Life span of a circulating RBC averages
Mecrophage cells phagocytes
The aged, abnormal or fragmented erythrocytes
Amino acids, iron, and bilirobin
When hemoglobin is broken down this is released
Leukocytes
Another name for white blood cells
Granulocytes (WBC with cytoplasmic granules) include what 3 leukocytes that have granules in cytoplasm
Neutrophils, Eosinophils, Basophils
Neutrophils
Make up approximately 65% of total WBC count in a normal blood sample
Neutrophils
Highly mobile & very active phagocytic cells
Neutrophils
WBC capable of diapedisis
Neutrophils
WBC whose cytoplasmic granules contain lysosomes
Eosinophils
Account for 2-5% of circulating WBC's
Eosinophils
WBC numerous in lining of respiratory & digestive tracts
Eosinophils
WBC with weak phagocytes
Eosinophils
WBC's capable of ingesting inflammatory chemical and proteins associated with antigen-antibody reaction complexes
Eosinophils
WBC that provides protection against infections caused by parasitic worms & allergic reaction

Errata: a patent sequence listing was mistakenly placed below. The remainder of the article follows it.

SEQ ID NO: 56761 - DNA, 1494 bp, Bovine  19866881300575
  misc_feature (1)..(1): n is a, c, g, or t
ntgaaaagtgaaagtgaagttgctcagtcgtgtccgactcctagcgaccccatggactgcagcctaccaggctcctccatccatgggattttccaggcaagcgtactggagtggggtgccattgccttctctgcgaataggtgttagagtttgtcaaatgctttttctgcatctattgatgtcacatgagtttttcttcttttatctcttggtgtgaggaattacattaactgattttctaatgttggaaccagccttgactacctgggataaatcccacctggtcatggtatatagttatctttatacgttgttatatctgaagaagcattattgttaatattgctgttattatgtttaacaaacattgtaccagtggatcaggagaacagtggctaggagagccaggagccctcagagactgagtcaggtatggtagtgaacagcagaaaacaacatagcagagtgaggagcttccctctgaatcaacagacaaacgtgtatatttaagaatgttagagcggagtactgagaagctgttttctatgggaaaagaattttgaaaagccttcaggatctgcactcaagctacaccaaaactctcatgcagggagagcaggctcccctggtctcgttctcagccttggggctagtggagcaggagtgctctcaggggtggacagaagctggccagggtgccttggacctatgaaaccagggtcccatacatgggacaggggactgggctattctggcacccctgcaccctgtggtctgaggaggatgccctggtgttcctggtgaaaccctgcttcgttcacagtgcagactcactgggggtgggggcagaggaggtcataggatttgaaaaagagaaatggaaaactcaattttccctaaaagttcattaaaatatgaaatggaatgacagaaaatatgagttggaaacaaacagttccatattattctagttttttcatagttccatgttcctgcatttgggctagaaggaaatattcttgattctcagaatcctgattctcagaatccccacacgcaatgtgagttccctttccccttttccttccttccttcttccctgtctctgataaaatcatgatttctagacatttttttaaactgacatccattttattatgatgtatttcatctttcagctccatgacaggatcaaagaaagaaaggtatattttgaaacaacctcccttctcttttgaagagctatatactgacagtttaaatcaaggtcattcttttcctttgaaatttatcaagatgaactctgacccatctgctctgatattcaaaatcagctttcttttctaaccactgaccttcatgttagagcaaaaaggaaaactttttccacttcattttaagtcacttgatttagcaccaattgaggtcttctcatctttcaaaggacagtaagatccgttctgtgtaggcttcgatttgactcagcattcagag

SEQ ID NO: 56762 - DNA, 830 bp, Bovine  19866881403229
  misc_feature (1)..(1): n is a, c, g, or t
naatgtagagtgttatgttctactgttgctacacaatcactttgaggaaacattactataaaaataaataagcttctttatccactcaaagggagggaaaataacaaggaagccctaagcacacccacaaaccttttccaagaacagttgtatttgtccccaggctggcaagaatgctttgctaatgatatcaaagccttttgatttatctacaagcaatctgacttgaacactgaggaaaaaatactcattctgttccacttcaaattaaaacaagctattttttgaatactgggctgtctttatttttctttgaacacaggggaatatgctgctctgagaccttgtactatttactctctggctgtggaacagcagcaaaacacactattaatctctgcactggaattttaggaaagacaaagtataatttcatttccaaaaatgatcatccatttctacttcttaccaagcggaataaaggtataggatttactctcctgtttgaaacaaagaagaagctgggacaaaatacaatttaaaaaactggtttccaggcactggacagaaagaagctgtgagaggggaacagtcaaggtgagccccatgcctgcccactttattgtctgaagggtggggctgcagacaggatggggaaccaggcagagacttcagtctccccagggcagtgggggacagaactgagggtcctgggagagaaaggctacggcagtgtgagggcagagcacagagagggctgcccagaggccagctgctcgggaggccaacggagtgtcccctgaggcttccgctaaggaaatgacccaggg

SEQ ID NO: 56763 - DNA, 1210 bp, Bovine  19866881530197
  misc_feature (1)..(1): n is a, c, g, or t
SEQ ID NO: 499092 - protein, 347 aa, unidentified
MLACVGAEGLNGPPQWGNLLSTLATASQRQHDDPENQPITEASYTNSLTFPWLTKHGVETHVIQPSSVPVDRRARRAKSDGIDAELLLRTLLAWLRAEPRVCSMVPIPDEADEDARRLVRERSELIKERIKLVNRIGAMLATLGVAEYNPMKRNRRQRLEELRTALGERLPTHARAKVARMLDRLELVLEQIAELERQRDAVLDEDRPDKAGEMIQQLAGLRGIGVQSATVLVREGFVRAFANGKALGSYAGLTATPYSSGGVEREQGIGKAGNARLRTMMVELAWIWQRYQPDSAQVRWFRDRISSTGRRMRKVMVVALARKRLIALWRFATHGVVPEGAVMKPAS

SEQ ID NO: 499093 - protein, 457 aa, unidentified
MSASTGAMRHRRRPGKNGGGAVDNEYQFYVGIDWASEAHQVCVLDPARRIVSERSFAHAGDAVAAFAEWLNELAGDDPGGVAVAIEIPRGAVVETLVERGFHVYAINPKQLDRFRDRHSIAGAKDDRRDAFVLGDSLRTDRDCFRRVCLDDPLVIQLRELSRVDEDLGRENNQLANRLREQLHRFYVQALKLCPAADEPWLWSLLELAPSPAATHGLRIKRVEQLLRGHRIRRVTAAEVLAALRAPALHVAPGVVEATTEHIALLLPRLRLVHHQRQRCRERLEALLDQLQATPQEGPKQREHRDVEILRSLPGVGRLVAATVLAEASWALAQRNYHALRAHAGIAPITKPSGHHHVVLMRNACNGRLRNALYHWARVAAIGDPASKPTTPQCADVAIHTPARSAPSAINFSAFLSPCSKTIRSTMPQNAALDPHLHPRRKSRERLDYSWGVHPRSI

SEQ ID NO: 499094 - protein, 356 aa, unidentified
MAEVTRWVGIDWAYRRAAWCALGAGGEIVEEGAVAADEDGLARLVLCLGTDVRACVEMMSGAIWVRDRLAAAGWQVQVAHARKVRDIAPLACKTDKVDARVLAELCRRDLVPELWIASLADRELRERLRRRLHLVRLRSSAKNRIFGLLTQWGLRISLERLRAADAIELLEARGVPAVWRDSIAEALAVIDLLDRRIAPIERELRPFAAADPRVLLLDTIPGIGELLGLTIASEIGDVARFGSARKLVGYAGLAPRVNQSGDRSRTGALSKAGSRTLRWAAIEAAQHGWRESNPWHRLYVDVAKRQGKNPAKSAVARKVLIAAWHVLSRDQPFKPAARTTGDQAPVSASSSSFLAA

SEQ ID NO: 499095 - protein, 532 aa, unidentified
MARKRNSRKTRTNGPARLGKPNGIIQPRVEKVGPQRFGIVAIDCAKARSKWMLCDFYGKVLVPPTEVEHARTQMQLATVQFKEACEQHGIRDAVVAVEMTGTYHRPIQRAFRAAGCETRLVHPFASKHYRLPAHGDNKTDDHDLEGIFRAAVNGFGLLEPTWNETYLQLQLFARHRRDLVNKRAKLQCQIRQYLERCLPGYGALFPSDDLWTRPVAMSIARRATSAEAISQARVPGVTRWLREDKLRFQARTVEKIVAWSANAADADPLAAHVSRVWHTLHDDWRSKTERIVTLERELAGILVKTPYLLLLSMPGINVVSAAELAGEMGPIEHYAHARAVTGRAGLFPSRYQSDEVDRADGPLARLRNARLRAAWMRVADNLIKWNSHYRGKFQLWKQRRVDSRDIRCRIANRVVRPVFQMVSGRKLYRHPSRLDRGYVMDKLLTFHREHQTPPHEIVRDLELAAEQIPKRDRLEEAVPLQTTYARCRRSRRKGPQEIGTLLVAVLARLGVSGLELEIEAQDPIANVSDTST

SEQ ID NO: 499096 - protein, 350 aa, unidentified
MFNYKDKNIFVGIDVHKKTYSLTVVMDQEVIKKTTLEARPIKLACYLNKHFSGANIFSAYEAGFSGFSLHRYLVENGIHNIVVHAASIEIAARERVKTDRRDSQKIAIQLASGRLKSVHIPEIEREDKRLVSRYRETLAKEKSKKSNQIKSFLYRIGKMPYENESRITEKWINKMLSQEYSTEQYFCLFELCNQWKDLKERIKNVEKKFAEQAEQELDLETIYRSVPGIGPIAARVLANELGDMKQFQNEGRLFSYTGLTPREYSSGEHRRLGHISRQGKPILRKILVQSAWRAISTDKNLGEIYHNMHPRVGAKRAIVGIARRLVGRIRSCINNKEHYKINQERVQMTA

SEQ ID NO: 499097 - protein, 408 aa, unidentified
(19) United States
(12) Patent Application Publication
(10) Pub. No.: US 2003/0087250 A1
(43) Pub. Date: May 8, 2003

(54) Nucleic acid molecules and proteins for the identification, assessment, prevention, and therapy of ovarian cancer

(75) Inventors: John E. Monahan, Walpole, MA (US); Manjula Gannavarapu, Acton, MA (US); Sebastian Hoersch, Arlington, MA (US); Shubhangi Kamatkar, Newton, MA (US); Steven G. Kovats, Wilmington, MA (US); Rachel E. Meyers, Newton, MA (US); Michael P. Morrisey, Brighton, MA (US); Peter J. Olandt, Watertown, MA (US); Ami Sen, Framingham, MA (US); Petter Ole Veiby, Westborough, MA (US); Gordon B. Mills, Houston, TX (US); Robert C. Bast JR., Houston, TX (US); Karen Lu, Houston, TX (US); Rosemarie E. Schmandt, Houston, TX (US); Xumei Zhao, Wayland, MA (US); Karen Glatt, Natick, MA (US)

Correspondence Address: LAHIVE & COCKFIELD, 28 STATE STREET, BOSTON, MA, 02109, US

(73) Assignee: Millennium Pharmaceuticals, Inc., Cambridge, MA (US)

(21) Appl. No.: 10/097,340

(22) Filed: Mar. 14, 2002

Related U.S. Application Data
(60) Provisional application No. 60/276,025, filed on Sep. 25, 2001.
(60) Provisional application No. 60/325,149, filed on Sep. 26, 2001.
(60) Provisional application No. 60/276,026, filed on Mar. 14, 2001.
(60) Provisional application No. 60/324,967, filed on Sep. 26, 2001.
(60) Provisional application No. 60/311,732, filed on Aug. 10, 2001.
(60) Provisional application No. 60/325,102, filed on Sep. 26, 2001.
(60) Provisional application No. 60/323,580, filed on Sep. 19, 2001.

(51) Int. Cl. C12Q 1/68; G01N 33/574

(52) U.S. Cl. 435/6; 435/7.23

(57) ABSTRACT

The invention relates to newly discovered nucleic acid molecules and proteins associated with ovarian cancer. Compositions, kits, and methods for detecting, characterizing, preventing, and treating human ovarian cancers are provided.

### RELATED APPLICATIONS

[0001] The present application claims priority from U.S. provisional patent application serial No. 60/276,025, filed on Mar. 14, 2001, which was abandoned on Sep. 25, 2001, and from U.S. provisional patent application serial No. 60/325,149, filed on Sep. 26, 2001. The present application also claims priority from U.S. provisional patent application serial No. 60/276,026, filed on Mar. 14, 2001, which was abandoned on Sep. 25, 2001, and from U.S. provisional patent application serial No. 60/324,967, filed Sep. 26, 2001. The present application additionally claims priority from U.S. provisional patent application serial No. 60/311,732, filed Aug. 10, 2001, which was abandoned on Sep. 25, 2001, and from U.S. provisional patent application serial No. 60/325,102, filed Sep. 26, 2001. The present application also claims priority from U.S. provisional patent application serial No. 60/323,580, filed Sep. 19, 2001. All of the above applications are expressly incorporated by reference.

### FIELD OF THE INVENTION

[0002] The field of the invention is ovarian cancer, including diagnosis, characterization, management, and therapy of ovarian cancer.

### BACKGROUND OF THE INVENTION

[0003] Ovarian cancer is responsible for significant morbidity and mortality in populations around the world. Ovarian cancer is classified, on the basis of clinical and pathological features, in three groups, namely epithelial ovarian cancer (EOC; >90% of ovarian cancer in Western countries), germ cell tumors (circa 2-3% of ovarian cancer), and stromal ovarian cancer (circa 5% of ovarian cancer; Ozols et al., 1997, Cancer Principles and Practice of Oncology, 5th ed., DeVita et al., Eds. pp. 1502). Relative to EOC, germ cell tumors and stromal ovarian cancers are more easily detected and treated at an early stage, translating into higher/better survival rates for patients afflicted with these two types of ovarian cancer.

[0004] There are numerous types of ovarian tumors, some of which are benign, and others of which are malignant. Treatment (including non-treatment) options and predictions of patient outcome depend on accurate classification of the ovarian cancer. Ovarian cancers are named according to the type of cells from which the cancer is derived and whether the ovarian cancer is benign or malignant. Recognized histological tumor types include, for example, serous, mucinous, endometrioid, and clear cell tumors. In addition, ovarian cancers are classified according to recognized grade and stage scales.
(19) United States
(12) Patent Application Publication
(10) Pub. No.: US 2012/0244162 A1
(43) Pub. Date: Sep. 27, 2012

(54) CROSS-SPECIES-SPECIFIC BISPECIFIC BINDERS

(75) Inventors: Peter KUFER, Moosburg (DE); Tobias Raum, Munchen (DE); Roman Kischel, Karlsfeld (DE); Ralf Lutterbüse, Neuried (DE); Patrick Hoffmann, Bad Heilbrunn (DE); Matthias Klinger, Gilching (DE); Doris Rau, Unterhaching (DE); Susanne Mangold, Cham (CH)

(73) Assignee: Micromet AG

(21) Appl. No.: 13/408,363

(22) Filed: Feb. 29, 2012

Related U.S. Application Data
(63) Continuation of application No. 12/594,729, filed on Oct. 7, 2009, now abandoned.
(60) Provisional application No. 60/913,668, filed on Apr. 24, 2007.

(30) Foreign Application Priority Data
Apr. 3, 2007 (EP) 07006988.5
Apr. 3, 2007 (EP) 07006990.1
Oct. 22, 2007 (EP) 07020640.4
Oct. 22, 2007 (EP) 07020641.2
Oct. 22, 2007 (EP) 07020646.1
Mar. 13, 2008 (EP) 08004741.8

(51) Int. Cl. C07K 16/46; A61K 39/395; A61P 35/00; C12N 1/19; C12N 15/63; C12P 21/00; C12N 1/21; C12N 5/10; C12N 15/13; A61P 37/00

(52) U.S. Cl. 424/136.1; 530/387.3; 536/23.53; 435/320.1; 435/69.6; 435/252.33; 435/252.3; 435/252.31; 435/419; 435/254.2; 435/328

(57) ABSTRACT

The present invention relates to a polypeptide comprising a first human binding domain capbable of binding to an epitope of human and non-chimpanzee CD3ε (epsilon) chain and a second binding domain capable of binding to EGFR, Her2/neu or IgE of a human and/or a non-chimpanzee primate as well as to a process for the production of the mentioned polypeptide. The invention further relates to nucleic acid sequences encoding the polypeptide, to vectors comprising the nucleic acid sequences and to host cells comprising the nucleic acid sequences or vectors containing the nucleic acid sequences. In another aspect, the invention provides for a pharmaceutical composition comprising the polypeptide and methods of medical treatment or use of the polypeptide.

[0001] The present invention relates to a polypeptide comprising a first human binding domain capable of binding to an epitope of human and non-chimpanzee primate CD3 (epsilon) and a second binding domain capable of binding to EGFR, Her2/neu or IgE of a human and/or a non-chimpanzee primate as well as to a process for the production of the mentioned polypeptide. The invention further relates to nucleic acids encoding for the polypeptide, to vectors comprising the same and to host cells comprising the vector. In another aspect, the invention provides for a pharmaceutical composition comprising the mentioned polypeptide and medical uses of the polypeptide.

Basophils
Accounts for only 0.5-1% of circulating WBC's
Basophils
WBC motile & capable of diapedisis
Basophils
WBC's whose cytoplasmic granules contain histamine and heparin
There are 2 types of granulocytes (WBC's without cytoplasmic granules)
Lymphocytes, and Monocytes
Lymphocytes
Smallest of the WBC's
Lymphocytes
2nd most numerous WBC
Lymphocytes
Account for approximately 25% of circulating WBC's
T - Lymphocytes
This lymphocyte directly attacks an infected or cancerous cell
B - Lymphocytes
These lymphocytes produce antibodies against specific antigens
Monocytes
Largest leukocytes
Monocytes
WBC mobile and highly phagocytic cells
1 mm3 of normal blood usually contains what amount of leukocytes
5000-9000 leukocytes
Why do WBC numbers have clinical significance?
Because they change with certain abnormal conditions
Where do granular and agranular leukocytes mature from?
The undifferentiated hematopoietic stem cell
What originates in red bone marrow?
Neutrophils, Eosinophils, Basophils, A few lymphocytes & monocytes
Where do most lymphocytes and monocytes develop from?
Hematopoietic stem cells in lymphatic tissue
In circulating blood, platelets are small, pale bodies that appear as what?
Irregular spindles or oval disks
3 important properties of platelets
Agglutination, Adhesiveness, and Aggregation
What is the average platelet count of an adult?
250,000/mm3 of blood
What is the normal range for platelets?
150,000-400,000/mm3 of blood
Platelets
Plays an important role in hemostasis & blood coagulation
Homeostasis